Thank you to everyone who provided feedback on this issue. I've posted my question to the Islandora Google group, as well. I'll be meeting with my university's IT department on Monday. I appreciate your help!
From: Code for Libraries [mailto:[log in to unmask]] On Behalf Of Cindi Blyberg
Sent: Wednesday, April 06, 2016 5:46 PM
To: [log in to unmask]
Subject: Re: [CODE4LIB] Islandora & Vagrant - Development use only?
Cary, the snippet to your email as shown in my inbox only showed the first sentence. Glad to read the rest! :)
On Wed, Apr 6, 2016 at 2:01 PM, Cary Gordon <[log in to unmask]> wrote:
> I disagree with the statement that "Vagrant is not a good idea for
> production.” Vagrant is a terrible idea for production, and it is not
> designed for that.
> We use Ansible to build Islandora, and, after three years of talking
> about it we are starting to use it with Docker. We are an AWS shop, so
> we use Docker with AWS elastic container service, which could come in
> handy if one of your archives gets slashdotted.
> > On Apr 6, 2016, at 8:53 AM, Chris Fitzpatrick
> > <[log in to unmask]>
> > Vagrant is not a good idea for production. It's really for people to
> > work against a copy of the production environment.
> > Like you can use Vagrant, then update a ansible or puppet or chef
> > script then deploy that to yr VM.
> > Hashicorp is making something called Otto which is supposed to
> > replace Vagrant for end-to-end deployments like this, but that's in alpha now.
> > Vagrant isn't like virtualenv at all. Virtualenv is a way to
> > maintain Python dependencies by mucking around with some environment variables.
> > more like Ruby's bundler.
> > It's kinda more like Docker. Docker makes linux containers. Nobody
> > knows what those are, but they work great.
> > I've seen Vagrant used in production and it supposedly worked well
> > but
> > guy who set it up left and things went bad. It wasn't a performance
> > it's just really hard for the replacement to figure out what's going on.
> > Use Vagrant with Ansible/Puppet/Chef. Or use Docker. Or use all of
> > that, for the win.
> > On Wed, Apr 6, 2016 at 3:55 PM, Francis Kayiwa <[log in to unmask]> wrote:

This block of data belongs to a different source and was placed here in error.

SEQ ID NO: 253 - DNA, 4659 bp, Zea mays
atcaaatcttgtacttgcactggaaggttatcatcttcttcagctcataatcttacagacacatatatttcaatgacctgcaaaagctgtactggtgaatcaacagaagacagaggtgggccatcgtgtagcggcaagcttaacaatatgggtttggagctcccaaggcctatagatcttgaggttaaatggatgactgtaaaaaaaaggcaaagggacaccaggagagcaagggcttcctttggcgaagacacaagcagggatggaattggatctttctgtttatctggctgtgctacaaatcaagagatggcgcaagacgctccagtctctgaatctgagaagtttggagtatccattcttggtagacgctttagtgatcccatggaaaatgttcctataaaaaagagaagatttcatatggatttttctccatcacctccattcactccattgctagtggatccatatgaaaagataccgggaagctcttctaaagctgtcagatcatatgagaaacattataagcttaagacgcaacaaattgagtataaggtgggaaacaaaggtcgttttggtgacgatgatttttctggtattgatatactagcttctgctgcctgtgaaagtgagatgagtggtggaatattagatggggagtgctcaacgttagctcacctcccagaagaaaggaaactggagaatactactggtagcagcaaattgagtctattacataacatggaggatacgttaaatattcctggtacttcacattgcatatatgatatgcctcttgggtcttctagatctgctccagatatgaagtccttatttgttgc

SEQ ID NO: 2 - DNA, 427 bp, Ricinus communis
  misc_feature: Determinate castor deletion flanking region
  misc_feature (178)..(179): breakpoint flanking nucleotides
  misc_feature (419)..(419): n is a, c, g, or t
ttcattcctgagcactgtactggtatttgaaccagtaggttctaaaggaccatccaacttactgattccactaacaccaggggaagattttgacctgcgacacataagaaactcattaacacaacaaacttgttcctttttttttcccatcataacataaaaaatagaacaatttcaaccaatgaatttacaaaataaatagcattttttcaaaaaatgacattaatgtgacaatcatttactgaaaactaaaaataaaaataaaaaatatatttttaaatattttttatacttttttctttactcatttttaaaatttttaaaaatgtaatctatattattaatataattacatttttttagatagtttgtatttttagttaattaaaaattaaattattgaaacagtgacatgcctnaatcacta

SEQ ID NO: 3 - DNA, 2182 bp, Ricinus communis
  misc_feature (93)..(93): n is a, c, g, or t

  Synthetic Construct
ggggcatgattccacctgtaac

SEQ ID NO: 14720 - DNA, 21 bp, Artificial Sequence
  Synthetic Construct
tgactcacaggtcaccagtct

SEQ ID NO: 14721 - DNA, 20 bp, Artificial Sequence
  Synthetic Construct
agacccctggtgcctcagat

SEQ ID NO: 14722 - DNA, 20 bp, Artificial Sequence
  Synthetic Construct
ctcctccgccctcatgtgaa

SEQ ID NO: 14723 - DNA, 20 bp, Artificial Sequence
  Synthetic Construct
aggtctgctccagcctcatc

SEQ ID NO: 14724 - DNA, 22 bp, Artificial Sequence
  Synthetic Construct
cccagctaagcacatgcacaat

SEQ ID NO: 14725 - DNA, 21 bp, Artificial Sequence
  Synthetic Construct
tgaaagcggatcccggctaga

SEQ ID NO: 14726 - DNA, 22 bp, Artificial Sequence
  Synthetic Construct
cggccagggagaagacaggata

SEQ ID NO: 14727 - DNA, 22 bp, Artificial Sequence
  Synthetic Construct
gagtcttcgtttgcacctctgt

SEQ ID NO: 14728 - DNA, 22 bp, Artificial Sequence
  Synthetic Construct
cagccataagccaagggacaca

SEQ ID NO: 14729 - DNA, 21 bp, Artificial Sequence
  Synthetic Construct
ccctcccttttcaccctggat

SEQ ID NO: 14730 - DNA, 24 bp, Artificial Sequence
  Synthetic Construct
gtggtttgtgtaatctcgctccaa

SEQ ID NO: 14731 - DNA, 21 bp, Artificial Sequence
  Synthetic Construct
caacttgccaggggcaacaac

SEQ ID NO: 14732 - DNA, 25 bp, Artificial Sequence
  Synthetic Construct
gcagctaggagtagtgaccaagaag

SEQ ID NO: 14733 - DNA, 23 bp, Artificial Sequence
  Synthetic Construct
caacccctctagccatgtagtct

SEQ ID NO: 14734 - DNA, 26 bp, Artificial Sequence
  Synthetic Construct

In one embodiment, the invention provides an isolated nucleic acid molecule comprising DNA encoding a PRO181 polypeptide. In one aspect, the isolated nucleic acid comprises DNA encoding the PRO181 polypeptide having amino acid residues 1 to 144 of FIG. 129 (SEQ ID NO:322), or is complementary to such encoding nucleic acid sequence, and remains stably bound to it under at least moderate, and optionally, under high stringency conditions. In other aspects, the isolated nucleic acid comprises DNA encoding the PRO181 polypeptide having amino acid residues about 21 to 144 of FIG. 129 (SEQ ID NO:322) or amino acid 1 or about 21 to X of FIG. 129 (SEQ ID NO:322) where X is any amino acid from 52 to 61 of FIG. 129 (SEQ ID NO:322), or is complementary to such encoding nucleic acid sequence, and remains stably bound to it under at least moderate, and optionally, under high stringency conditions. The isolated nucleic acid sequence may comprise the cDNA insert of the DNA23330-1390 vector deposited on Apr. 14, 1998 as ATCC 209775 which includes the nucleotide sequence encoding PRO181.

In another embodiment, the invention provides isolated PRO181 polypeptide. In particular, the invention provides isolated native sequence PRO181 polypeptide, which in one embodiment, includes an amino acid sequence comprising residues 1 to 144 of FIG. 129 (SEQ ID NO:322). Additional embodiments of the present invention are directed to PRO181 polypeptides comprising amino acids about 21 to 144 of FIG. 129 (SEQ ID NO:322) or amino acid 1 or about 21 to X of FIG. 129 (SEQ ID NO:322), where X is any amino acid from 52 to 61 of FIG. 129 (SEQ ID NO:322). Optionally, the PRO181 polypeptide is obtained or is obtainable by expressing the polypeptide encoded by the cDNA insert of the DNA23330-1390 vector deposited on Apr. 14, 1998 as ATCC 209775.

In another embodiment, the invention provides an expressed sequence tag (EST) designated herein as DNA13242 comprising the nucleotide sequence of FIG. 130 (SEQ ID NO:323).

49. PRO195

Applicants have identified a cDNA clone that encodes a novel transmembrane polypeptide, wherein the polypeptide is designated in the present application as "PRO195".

> >> On 4/6/16 9:49 AM, Annamarie C Klose wrote:
> >>> Hi, all,
> >>> Can anyone provide a technical explanation as to why it is not
> >>> appropriate to install Islandora on a public server with Vagrant?
> >>> all the documentation instructing that Vagrant is for development
> only, my
> >>> university's IT department thinks Vagrant makes Islandora more
> >>> secure
> >>> production use. They have also stated "Vagrant is used to keep
> >>> separate on machines in the same way Pythons Virtualenv or Ruby's
> >>> is." Unfortunately, secure networking is outside of my expertise.
> >>> I'm concerned that Vagrant's virtualization is a poor substitute
> >>> for the
> >>> thing. Before I add hundreds of records to Islandora, I'd like to
> >>> make
> >>> that I'm building my library's digital collections on a steady
> >>> Any advice and/or explanations to give IT is welcome.
> >> If we agree that your University IT are the Operations people find
> >> the nicest way to tell them how the developers of Vagrant view the
> >> tool
> >> https://www.vagrantup.com/docs/why-vagrant/
> >> Specifically. "...If you are an operations engineer, Vagrant gives
> >> you a disposable environment and consistent workflow for developing
> >> and
> >> infrastructure management scripts..."
> >> You are also correct in being wary about having a production
> >> application running on Vagrant. A part of me wants to test that
> >> just for laughs,
> but it
> >> will be painful to set up for them and the performance will
> >> horrible for you.
> >> Cheers,
> >> ./fxk
> >> --
> >> "Anyone attempting to generate random numbers by deterministic
> >> means is, of course, living in a state of sin."
> >> -- John Von Neumann